From A to Z: Alphabet Tiles Have Special Meaning to Graland
Graland was honored to have former trustee, former parent, and Graland grandparent Barry Hirschfeld on campus recently to share the story of his family’s special artistic and architectural gift to Graland. Keep reading for the history of the Georgia Nelson Building’s alphabet tiles.
If the walls outside the Georgia Nelson Building entrance could talk, they’d tell the fascinating story of the unique terracotta alphabet tiles installed there whose history is connected to Denver and a certain Graland family, the Hirschfelds.
The story begins in 1907 when Mr. A.B. Hirschfeld of Ohio, age 19, opened his Denver printing operation using a $39 hand-cranked press. His first customers bought business cards as they traveled by train through Union Station. With hard work and dedication, A.B. grew the business and his reputation in the community; he was a successful businessman and philanthropist who later served 14 years in the Colorado State Legislature and six years as a Colorado State Senator.
For many years A.B. ran his printing business from the circa 1949 A.B. Hirschfeld Press building at 655 Speer Boulevard where terracotta alphabet tiles framed the art deco entrance. Each tile, showcasing letters created in a font that A.B. designed himself, was a work of art. Eventually the business outgrew the Speer location and the company sold the building. When he learned the structure would be demolished, A.B.’s grandson and company CEO, Mr. Barry Hirschfeld, asked permission to extract the alphabet tiles that were so meaningful to his family.
Barry and his wife Arlene have strong connections to Graland going back to the days when their sons, Barry ’86 and Hayden ’91, attended the school right up to today, now that they have two grandchildren who are students -- Emery (Grade 5) and Ivy (Grade 3). After storing the tiles in their garage for 15 years, the Hirschfelds knew Graland was the right home for the alphabet. They donated the tiles during the construction of the Georgia Nelson Building and the alphabet was installed as the finishing touch in 1995. Sealed for posterity and the enjoyment of children, this heartfelt gift speaks to the Hirschfeld family’s lasting impact on Graland.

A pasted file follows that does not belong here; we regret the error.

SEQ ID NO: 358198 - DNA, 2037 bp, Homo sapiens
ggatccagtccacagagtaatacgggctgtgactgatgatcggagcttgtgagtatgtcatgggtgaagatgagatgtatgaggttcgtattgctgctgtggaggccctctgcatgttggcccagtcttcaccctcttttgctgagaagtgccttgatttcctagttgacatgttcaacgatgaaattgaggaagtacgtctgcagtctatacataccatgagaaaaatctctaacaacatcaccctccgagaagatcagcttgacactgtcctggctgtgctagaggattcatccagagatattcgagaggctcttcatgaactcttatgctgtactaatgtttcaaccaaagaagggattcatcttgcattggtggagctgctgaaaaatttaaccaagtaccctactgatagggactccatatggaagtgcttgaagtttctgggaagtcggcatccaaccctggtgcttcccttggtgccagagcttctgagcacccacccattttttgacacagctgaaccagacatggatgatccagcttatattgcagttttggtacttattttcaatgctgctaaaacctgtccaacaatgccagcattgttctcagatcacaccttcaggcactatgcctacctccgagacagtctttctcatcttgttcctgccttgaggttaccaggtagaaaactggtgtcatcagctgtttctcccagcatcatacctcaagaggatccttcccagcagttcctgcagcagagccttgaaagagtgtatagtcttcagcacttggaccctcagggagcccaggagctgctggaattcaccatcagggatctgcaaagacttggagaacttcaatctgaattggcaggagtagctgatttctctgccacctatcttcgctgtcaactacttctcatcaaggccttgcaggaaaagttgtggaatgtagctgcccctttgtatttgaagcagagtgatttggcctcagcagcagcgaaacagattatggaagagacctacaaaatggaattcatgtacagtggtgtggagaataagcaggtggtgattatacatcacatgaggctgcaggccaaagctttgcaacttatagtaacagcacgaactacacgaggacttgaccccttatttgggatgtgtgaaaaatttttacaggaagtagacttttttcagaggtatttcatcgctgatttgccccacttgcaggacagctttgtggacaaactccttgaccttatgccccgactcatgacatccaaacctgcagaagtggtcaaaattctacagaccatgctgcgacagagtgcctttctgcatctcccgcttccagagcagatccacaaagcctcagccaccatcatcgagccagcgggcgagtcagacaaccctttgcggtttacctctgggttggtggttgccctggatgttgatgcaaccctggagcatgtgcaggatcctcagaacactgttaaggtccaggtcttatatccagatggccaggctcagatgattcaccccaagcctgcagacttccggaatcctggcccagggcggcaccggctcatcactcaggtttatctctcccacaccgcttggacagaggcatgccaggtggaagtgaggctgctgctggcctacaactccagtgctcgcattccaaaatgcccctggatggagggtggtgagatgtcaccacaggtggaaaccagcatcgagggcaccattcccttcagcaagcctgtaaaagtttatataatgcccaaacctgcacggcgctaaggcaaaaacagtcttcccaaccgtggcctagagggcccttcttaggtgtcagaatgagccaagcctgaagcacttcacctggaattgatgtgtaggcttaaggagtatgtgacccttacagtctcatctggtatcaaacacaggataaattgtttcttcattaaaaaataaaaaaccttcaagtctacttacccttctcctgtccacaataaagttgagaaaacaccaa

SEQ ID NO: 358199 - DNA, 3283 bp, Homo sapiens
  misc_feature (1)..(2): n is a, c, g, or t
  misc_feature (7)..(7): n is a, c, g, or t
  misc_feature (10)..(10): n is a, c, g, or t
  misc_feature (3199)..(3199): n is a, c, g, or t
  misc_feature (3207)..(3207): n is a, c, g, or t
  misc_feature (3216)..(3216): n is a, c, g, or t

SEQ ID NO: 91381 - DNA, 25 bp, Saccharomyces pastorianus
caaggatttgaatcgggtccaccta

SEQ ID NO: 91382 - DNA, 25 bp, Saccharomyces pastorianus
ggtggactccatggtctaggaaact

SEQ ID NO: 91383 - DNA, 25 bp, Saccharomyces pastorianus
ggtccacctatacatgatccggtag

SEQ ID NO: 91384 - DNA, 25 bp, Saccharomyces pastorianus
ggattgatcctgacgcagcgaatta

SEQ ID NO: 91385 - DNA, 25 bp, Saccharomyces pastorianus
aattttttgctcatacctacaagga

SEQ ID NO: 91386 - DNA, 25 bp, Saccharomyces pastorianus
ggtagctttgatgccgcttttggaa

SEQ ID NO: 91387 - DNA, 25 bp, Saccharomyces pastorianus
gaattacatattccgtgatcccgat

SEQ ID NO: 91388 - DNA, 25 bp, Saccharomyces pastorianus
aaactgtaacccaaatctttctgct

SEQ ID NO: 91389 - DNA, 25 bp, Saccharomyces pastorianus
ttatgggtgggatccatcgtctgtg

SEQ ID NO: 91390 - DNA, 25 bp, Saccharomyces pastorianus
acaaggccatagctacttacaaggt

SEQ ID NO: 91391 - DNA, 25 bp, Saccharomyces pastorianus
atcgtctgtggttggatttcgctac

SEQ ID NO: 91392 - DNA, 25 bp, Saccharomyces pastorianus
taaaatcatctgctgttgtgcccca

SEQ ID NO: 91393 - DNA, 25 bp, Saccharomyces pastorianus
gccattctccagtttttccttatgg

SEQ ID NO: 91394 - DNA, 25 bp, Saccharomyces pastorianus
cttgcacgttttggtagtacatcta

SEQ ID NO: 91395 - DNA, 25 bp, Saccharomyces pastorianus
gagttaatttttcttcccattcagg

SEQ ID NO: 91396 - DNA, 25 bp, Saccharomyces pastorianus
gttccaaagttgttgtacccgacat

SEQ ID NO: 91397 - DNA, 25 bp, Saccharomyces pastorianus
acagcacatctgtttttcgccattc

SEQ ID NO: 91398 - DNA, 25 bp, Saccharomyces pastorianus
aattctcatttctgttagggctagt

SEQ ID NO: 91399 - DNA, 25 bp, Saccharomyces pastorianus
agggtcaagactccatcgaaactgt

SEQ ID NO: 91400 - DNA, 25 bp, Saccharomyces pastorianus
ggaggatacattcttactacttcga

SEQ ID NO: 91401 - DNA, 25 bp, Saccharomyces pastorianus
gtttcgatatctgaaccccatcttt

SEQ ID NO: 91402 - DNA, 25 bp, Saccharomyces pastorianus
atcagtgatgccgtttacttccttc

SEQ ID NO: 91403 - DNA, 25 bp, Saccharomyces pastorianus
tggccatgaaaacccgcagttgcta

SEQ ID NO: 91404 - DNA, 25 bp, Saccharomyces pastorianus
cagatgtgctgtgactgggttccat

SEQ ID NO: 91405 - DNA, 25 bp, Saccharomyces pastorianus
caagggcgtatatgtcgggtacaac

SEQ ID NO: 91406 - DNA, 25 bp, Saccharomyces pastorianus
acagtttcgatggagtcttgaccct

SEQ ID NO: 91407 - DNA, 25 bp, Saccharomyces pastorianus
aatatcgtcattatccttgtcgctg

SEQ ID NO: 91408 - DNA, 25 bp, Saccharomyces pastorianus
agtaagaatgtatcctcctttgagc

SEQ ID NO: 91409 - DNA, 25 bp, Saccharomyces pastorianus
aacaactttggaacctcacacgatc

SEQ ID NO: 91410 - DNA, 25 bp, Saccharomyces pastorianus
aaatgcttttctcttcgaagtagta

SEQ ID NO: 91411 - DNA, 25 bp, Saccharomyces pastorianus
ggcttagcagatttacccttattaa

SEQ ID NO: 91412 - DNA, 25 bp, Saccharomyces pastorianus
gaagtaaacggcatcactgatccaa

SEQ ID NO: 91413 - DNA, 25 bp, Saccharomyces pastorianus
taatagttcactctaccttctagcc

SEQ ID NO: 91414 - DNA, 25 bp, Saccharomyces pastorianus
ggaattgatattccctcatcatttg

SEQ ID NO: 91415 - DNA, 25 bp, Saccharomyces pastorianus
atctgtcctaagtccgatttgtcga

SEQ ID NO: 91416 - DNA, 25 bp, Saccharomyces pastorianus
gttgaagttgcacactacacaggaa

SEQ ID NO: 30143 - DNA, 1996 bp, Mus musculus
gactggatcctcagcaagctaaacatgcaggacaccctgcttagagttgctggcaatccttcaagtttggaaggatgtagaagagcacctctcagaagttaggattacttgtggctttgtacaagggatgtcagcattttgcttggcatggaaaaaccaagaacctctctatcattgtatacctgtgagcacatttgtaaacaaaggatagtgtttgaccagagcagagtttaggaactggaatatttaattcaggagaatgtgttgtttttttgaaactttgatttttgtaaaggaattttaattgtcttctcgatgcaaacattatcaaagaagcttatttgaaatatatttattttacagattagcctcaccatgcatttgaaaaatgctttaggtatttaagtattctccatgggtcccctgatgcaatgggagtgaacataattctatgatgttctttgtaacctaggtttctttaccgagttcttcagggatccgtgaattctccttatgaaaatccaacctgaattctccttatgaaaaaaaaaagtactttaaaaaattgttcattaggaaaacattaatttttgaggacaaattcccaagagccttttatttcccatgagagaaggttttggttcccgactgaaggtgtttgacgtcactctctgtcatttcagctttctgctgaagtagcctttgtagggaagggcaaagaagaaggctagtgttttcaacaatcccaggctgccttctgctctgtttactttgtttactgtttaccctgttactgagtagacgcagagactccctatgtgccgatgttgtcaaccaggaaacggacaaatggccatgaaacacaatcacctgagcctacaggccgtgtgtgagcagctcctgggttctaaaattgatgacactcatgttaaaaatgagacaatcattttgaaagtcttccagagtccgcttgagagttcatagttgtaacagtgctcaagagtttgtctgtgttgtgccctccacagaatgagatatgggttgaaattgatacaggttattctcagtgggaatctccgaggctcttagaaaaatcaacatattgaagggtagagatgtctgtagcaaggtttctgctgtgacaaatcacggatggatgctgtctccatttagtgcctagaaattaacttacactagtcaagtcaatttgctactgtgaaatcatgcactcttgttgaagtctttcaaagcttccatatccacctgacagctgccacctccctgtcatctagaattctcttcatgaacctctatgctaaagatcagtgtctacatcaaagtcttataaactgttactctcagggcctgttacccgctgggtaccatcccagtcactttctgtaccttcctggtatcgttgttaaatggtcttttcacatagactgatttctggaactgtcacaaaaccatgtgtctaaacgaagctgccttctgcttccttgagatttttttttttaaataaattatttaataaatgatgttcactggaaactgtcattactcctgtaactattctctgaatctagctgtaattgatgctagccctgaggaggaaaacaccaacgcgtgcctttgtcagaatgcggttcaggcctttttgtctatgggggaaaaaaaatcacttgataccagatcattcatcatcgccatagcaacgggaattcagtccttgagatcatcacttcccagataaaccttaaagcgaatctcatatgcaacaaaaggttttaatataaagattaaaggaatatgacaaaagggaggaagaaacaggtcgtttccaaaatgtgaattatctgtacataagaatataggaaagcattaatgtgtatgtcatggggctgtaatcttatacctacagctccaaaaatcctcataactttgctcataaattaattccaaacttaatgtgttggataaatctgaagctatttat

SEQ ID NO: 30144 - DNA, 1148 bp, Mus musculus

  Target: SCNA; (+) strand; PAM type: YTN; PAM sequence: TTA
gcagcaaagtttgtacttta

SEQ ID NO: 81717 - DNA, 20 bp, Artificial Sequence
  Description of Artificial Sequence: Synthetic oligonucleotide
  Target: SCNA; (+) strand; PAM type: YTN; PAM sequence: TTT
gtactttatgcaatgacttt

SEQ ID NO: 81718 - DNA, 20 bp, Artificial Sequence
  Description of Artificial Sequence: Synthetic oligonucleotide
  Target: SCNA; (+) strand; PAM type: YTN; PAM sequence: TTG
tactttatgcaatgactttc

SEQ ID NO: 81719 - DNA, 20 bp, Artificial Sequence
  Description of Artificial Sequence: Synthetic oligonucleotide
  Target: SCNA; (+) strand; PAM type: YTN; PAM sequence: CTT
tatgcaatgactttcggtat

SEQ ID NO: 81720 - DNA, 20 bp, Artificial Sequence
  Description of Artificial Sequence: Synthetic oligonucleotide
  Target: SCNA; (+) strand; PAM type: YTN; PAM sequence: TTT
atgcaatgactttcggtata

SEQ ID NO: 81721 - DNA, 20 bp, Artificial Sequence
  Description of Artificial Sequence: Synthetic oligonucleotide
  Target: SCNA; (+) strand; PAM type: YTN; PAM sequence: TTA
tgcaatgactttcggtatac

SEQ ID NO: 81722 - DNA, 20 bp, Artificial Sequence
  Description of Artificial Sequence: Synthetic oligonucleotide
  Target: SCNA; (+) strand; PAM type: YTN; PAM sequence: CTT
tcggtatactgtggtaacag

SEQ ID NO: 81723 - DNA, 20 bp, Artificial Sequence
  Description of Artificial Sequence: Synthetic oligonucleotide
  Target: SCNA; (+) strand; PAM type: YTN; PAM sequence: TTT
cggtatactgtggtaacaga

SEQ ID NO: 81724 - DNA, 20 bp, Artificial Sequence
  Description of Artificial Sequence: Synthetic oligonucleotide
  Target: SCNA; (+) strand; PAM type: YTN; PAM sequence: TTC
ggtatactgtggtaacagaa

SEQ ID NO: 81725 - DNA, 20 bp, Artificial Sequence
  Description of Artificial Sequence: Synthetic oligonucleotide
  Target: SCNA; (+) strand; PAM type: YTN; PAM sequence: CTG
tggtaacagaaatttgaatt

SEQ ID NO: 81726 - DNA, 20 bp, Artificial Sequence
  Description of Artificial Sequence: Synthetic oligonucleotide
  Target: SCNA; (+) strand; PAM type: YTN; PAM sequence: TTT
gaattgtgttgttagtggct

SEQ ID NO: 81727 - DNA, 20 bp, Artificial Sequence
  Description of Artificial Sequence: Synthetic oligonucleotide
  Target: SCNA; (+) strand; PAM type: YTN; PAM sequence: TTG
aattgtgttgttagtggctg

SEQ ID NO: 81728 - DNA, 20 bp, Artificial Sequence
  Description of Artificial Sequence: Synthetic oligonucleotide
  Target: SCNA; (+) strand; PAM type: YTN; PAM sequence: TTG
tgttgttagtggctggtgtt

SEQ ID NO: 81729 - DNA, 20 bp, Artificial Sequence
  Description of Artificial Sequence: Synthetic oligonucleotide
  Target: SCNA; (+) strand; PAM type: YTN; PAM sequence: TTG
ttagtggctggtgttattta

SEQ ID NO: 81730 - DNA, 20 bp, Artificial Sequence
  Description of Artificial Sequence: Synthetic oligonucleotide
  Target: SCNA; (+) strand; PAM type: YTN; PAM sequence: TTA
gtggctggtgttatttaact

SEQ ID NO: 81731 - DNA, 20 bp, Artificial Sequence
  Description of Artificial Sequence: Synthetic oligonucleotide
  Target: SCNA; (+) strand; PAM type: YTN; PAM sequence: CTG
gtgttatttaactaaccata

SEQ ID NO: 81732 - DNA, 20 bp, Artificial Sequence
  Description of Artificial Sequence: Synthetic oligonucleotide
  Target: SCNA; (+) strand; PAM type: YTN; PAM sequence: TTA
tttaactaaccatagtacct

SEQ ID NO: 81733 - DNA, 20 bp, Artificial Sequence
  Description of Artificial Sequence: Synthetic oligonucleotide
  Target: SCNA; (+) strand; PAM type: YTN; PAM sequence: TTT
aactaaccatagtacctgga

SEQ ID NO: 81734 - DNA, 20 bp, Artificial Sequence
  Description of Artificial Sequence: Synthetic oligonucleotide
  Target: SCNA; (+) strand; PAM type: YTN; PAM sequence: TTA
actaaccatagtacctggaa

As we watch students pass through the Georgia Nelson Building each day, we are reminded of Barry and Arlene’s generosity and grateful for their continued support of Graland.
With thanks to Kristin Eklund ‘88 Weber for her help with this article.
Graland Country Day School is a private school in Denver, Colorado, serving students in preschool, kindergarten, elementary, and middle school. Founded in Denver in 1924, Graland incorporates a rich, experiential learning approach in a traditional classroom setting, emphasizing the development of globally and socially conscious leaders who excel academically.